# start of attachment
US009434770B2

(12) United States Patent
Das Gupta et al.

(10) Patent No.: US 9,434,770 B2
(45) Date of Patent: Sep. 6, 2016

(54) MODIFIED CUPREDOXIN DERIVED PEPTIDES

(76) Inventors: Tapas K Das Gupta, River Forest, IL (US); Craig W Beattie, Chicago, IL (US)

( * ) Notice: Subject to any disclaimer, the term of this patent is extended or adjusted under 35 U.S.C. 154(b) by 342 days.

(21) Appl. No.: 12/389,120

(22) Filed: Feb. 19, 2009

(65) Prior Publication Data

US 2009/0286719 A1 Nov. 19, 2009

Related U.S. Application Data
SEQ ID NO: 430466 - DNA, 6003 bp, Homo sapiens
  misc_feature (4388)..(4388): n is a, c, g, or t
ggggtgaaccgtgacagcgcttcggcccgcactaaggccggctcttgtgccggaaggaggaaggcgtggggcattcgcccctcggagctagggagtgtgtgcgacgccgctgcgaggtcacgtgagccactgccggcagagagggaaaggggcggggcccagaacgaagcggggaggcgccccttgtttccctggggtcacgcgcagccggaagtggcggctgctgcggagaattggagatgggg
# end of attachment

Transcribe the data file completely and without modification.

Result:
US009434770B2

(12) United States Patent
Das Gupta et al.

(10) Patent No.: US 9,434,770 B2
(45) Date of Patent: Sep. 6, 2016

(54) MODIFIED CUPREDOXIN DERIVED PEPTIDES

(76) Inventors: Tapas K Das Gupta, River Forest, IL (US); Craig W Beattie, Chicago, IL (US)

( * ) Notice: Subject to any disclaimer, the term of this patent is extended or adjusted under 35 U.S.C. 154(b) by 342 days.

(21) Appl. No.: 12/389,120

(22) Filed: Feb. 19, 2009

(65) Prior Publication Data

US 2009/0286719 A1 Nov. 19, 2009

Related U.S. Application Data
SEQ ID NO: 430466 - DNA, 6003 bp, Homo sapiens
  misc_feature (4388)..(4388): n is a, c, g, or t
ggggtgaaccgtgacagcgcttcggcccgcactaaggccggctcttgtgccggaaggaggaaggcgtggggcattcgcccctcggagctagggagtgtgtgcgacgccgctgcgaggtcacgtgagccactgccggcagagagggaaaggggcggggcccagaacgaagcggggaggcgccccttgtttccctggggtcacgcgcagccggaagtggcggctgctgcggagaattggagatgggg